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“If We Were Really There” by Hannah Dela Cruz Abrams

If We Were Really There

by Hannah Dela Cruz Abrams

The dress was white with big red blooms all over it. “A woman who doesn’t wear perfume has no future,” I said to the girl in the mirror, and waved goodbye. I floated to Van’s house, actually floated. When I tied my hair up in front of him, he said, “Beautiful armpits, Hannah,” and I winked recklessly. Just then, Helms appeared at the door, a bottle of wine under each arm. The boys played some songs, and I poured, and I tapped my feet. We lit a joint and the plumes coiled up blue in the lamplight. Helms scratched the strings and his beard at the same time until his beard sounded metal, and we told him very seriously that he was a genius. Van rubbed some lemon verbena on my wrist—he was always up to these things—and I repeated the Chanel line, which really, if I’m honest, I’d socked away just for him.

We left the bottles on the counter and dashed down to Phoenix on the river. Van always could make a car go. They put us up in the mezzanine and my dress swished the whole way. We ordered wine. We demanded a chiller. We pointed at the art. We said we’d write romance novels. Helms said, “You two could be on the cover,” and Van and I leaned close together and posed and waved our glasses in the air.

In my memory, we spotted the wire sculpture all at the same time and became very interested in it all together. I said, “What an astonishing structure of a phoenix,” and we all sat there and let ourselves be astonished. I drifted downstairs for a bit, and perfect strangers said, “What a pretty dress.”

We were in that restaurant for years and years. Helms declared once we were on the road again that he was going home, and he almost did too. He almost did. It was one of those moments when the world slows and splits right in two and all there is to do is watch the parallel yous go ghosting around the bend.

But, that quickly, the whole business sped back up again as if nothing had happened. We flew down to the beach in that darling little black car of Van’s, and he threw the keys to a valet at Boca Bay. We felt very floaty and fine. I was doing a little twirl when a wind went whispering down my spine. I laughed as they inspected my back in the dark of a shrugging palm.

“Your dress,” Van announced, “has popped.”

Well, the pop was so big the whole long night popped with it. The boys held my seams together until the car came back around.

I laughed all the way back to Van’s, and laughing still, I tilted side to side. They tugged at me for a while but, in the end, I tilted towards Van. The dress was hopeless. A pair of baggy pants and a men’s shirt were trotted out for me to wear. We drank and drank. We wrote some thoughts and put them in a birdcage for later. We wrote poems, passing the lines one to another. I could smell the verbena’s bright tang on the pulse of my wrist.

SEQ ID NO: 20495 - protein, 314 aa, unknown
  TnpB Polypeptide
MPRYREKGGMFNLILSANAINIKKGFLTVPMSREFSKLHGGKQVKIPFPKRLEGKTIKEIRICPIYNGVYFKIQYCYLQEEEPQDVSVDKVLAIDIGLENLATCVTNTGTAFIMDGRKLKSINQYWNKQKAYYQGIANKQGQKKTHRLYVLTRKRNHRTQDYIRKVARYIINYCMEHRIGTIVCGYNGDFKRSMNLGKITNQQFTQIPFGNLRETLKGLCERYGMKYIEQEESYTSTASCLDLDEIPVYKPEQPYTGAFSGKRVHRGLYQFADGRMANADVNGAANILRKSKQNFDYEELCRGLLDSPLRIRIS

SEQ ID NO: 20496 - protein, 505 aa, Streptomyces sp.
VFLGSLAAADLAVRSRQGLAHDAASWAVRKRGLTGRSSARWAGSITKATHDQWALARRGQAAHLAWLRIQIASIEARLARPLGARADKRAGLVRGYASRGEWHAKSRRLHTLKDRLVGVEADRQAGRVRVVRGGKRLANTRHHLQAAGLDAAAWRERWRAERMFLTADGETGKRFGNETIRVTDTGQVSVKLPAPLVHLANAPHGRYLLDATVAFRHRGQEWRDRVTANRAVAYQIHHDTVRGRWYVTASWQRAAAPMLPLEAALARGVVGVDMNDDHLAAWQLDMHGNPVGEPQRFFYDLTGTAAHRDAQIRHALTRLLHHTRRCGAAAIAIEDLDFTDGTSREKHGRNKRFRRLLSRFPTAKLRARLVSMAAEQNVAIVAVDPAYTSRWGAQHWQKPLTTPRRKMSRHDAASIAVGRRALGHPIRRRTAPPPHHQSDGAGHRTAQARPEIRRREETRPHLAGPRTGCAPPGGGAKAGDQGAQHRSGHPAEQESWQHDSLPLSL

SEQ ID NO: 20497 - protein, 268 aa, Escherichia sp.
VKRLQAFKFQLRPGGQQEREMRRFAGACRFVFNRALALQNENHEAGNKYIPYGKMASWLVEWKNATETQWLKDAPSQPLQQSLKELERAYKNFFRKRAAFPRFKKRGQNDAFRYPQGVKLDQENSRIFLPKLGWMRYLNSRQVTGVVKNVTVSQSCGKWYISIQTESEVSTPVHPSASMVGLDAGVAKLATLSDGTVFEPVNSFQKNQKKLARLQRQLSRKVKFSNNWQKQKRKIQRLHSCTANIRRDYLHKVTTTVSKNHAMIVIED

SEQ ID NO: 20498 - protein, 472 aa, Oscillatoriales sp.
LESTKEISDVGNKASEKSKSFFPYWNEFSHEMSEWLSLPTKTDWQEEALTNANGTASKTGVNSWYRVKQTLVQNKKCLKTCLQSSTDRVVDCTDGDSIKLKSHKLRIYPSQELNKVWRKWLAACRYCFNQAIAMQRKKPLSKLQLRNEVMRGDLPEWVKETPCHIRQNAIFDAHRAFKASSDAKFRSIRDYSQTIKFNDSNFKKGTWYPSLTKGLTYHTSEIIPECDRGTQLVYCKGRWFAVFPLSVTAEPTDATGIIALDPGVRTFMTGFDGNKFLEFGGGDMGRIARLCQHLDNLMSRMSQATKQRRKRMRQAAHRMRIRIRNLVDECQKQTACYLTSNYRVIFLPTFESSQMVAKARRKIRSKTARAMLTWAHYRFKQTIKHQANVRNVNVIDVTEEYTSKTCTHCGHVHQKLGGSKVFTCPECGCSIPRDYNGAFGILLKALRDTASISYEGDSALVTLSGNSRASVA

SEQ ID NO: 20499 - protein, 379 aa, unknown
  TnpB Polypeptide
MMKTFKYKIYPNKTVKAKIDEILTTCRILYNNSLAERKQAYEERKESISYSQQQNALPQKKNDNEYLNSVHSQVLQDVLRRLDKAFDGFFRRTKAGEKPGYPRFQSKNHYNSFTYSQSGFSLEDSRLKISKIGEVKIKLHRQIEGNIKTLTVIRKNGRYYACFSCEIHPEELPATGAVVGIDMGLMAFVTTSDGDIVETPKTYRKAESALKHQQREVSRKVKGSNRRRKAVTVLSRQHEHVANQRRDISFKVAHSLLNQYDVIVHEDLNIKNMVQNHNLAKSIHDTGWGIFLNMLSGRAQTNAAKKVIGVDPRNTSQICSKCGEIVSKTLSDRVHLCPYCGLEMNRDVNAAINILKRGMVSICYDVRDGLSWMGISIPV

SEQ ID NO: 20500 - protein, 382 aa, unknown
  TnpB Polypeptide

We were so in love with each other that night—our last night. Because poof! after that, everything got weird. Helms never stopped drinking; he never went home. He imagined Van and I were kissing that night, secretly. He said to us when we went looking for him, “You were. I saw you. And you, Hannah, you gave him head under that phoenix.”

Truly then, the night was over. But after he said it, what do you think? Van and I ran away and kissed secretly and only stopped kissing when we heard Helms had been locked up in a place where people clipped your toenails for you and he stayed there, dying of thirst, for what seemed like a century.

Stumbling away from me, Van fell fast asleep in a life with a woman who was too reasonable, finally, to have dresses that blossomed and blushed and popped at the slightest provocation. I hear he swims in the middle of winter to wake up. I hear it doesn’t work.

And can you blame me for walking back. All that long, bruising way back. Can you blame me for charting the flashing flight of that endless night.

As if ash were anything more than an exhausted breath, an elegy for heat.

HannaDCAbramsHannah Dela Cruz Abrams was awarded the 2013 Whiting Writers Award for her novella The Man Who Danced with Dolls and her memoir-in-progress The Following Sea. She has also received a Rona Jaffe National Literary Award and a North Carolina Arts Council Fellowship. Her work has most recently appeared in, or is forthcoming from, Oxford American, Mayday Magazine, and The Southern Humanities Review, among others. Abrams currently teaches in the Department of English at the University of North Carolina Wilmington.

Comments 2

  1. Corinne

    What a great read! I’m so impressed by how much you were able to fit into such a short amount of space. The language is so striking and dances the border of poetry and prose. Great work.

  2. JennyPonig

    I don’t know why I assumed non-fiction had to be too accurate, too mundane to be exciting. I was swept away by this narrative.

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